The first thing that colleges are looking for is a student who will graduate college. It’s that simple. Virtually every college and university in the country spends more money for each student per year than they get from tuition and fees. So it’s very wasteful to spend all that money if you’re not going to graduate and get the full benefit of the education. Also, colleges are judged by how many of their students graduate. A high graduation rate makes you a “better” college, which helps you attract stronger students, which makes it easier to have an even higher graduation rate. They need to know that you’re going to help them look good. Like I said, they spend more money for each student than they get in tuition. A lot of the money they get to make up the difference is from alumni donations. Any of you who have graduated college know that your school will never stop asking you for money. That’s where they get a lot of their funds. But people who don’t graduate rarely make big donations to the school later.

So the main thing they want is for you to show that you’ll graduate. That’s why they want to see your grades and test scores. Because they know that the best way to prepare for college is to be a good high school student. If you’re working to be a good high school student, then you’ve got that part covered.

Some universities will make it very clear what they’re looking for. Large universities—usually state universities with rolling admissions—will often provide a simple chart explaining what grades and test scores they want. Others may also list the high school courses they require you to have taken. For these schools, understanding what they want can be simple.

At smaller schools and at more selective schools, it’s not so clear-cut what they’re looking for. There’s no simple formula. It’s very important to understand, though, that these schools don’t just rank all their applicants in order and then accept the top ones. It’s more complicated than that. The term they use is “building a class,” or “crafting a community.” They need lots of things.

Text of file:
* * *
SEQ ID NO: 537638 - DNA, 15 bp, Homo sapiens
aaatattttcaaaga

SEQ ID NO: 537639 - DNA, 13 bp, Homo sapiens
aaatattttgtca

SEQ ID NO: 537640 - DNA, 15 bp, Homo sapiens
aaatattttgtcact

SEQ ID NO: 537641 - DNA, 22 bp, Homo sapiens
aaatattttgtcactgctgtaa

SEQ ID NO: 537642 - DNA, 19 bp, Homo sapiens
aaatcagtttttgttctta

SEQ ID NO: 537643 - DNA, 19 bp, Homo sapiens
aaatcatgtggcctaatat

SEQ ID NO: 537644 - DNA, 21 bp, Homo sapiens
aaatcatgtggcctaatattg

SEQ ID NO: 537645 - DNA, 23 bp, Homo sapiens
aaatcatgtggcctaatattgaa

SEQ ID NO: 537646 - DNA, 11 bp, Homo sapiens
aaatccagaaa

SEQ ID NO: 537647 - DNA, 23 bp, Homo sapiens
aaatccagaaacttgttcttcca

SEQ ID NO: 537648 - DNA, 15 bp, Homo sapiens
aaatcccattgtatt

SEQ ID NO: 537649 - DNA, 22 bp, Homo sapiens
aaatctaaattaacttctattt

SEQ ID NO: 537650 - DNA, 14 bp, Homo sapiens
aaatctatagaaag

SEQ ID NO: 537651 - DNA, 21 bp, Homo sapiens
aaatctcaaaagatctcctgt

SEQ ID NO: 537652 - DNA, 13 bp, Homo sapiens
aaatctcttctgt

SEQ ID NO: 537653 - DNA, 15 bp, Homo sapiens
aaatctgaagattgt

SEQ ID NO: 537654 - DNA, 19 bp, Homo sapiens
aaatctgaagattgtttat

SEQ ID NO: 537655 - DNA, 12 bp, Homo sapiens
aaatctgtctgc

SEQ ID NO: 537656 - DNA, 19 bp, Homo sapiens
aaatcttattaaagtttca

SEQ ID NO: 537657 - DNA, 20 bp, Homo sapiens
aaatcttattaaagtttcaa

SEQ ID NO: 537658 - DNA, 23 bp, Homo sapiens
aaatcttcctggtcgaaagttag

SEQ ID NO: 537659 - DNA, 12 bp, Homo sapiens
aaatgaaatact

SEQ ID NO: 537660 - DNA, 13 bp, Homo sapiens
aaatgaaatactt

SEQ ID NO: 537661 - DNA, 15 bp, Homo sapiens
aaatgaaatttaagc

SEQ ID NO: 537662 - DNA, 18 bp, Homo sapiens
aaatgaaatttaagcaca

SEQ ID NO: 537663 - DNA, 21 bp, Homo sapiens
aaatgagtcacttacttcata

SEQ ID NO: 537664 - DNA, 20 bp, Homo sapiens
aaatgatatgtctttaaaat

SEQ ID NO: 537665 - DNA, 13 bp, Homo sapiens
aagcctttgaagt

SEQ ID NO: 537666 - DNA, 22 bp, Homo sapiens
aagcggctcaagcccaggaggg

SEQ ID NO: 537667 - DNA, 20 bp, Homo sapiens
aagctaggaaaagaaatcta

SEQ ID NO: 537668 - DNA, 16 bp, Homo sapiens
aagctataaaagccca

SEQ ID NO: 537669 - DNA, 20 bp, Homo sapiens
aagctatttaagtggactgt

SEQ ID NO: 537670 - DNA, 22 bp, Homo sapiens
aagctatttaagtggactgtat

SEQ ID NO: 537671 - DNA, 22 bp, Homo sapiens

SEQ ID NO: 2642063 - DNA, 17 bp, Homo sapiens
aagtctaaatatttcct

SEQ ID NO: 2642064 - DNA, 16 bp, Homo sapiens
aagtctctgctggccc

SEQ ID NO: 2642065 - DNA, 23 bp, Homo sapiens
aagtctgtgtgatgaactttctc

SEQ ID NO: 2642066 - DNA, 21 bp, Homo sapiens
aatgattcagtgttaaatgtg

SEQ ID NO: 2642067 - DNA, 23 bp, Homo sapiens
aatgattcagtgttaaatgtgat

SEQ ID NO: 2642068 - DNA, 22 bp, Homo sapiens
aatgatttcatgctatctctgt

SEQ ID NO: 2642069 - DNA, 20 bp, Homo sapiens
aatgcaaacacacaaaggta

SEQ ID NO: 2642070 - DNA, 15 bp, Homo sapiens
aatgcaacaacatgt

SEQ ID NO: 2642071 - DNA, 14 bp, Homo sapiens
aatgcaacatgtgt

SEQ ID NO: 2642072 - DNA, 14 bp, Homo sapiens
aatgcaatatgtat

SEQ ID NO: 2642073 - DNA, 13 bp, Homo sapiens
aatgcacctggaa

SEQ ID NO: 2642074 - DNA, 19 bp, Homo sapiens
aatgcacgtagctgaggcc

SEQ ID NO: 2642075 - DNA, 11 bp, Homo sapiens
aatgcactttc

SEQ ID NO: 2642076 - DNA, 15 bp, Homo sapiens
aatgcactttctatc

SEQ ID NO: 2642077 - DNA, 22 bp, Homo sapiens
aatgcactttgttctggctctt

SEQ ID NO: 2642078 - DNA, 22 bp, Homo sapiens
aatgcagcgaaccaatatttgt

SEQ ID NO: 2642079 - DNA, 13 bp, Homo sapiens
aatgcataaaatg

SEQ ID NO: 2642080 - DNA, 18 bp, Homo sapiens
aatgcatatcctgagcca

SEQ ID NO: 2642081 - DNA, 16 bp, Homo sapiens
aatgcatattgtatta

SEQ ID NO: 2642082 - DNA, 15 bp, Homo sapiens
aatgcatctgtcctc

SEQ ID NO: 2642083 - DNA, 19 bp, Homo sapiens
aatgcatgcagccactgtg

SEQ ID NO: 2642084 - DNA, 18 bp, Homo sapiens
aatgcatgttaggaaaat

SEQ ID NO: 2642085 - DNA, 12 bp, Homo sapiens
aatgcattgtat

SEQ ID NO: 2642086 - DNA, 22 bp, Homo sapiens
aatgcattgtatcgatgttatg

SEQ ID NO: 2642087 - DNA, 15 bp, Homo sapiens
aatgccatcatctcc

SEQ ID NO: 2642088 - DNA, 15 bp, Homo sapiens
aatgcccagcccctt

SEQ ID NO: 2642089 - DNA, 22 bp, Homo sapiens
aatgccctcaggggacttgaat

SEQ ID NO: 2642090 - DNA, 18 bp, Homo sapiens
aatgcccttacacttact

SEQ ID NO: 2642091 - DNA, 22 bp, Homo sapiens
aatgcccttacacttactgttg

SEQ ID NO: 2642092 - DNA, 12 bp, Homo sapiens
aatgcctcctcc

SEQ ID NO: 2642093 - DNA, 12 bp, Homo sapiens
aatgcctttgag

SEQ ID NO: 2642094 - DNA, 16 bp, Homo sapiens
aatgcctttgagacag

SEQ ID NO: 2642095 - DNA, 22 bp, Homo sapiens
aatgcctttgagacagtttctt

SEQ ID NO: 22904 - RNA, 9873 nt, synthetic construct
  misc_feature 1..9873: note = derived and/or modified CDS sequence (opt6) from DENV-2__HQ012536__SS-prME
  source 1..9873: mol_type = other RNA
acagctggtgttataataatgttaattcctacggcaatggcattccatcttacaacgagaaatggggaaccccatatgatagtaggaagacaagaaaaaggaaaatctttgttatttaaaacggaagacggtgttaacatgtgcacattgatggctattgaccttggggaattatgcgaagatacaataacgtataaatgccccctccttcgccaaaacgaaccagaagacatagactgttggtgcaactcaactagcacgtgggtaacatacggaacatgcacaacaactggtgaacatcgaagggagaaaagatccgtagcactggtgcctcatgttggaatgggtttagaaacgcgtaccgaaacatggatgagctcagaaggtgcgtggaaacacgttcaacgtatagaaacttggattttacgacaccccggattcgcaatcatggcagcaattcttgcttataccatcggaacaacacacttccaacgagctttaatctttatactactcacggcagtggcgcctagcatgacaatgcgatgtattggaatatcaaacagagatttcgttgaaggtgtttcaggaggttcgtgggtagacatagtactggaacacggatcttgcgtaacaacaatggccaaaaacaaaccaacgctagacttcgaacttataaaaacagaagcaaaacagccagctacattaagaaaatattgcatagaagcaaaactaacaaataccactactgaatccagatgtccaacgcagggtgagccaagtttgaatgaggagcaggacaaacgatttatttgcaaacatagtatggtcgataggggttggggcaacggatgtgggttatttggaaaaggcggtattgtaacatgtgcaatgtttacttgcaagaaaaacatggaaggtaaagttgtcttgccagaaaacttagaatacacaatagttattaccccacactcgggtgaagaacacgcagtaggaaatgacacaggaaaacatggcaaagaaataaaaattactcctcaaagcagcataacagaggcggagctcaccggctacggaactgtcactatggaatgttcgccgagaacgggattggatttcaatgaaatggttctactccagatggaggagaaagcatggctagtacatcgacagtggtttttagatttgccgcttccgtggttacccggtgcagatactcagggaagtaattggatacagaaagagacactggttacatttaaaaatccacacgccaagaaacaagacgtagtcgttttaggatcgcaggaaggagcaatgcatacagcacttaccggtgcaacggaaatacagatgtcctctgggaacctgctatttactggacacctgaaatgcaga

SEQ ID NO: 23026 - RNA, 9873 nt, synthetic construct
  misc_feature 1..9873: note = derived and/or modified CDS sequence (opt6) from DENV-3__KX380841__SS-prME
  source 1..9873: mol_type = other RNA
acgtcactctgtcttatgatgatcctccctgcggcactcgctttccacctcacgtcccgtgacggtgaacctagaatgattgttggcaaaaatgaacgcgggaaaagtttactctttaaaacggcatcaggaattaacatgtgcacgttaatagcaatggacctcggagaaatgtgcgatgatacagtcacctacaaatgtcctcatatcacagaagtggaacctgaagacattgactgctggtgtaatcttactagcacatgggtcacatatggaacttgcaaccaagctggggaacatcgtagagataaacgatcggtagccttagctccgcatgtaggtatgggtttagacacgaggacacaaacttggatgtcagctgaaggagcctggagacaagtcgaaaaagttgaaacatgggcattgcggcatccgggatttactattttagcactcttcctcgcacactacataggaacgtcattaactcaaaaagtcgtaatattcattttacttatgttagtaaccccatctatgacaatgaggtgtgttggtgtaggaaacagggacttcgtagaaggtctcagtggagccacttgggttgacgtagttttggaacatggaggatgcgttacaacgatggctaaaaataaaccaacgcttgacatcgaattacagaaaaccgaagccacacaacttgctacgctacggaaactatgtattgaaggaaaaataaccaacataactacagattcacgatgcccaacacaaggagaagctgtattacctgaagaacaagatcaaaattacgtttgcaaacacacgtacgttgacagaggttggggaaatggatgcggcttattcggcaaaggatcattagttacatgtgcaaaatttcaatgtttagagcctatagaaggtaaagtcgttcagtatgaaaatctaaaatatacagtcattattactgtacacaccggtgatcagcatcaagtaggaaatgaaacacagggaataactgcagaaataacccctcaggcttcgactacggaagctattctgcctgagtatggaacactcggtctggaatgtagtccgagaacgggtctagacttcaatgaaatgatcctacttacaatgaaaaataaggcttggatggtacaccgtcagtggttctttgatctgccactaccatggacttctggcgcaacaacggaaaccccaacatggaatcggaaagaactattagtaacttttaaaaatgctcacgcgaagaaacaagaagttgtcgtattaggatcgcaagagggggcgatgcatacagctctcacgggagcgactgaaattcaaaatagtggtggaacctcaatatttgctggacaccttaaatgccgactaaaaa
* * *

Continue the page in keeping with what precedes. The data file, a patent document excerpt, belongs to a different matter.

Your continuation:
They need students who are almost guaranteed to be strong students and natural leaders, and they also need students who they can take a risk on who may become a strong student leader.

They need students who will major in the sciences, and they need students who will major in the humanities.

They need students who are not rich, so they can fulfill their mission of improving lives. They also need students who are rich, so they can fulfill their mission of not going bankrupt.

They need swimmers, basketball players, tennis players, and lacrosse players.

They need musicians and actors and painters.

They need people for their religious services.

They need people for their Young Democrats Club, and they need people for their Young Republicans Club.

They need boisterous and social people, and they need quiet people in the library.

They need a wide variety, and exactly what they need changes each year. One year the orchestra leader may really need a good oboe player. But if they get three of those, then next year they won’t be looking so hard for a really good oboe player. You can’t just pretend to play the oboe because you think they want oboe players—this may not be the year for that.

So what do they want? They want you to be you, the best you, and to let them know who that is. You can’t do that if you’re too busy trying to be what you think they want you to be. There are schools out there looking for you, so you have to tell them who you are, not what you think they want to hear. Just like in a good relationship.

So don’t ask “Am I worthy?” Treat it like a relationship. Be honest about your qualities--the good the bad and the ugly. Try to compensate for the ugly. Know what you’re looking for and what you have to offer in return. Be compassionate towards others and yourself. Cast a wide net, be willing to fail, and be willing to accept success.

Thank you so much.

Thanks for reading! Are you a PTO or other parent group in Texas who would like someone to talk to them about the college admissions experience? Let me know!

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Photo by  Zoe Herring

Photo by Zoe Herring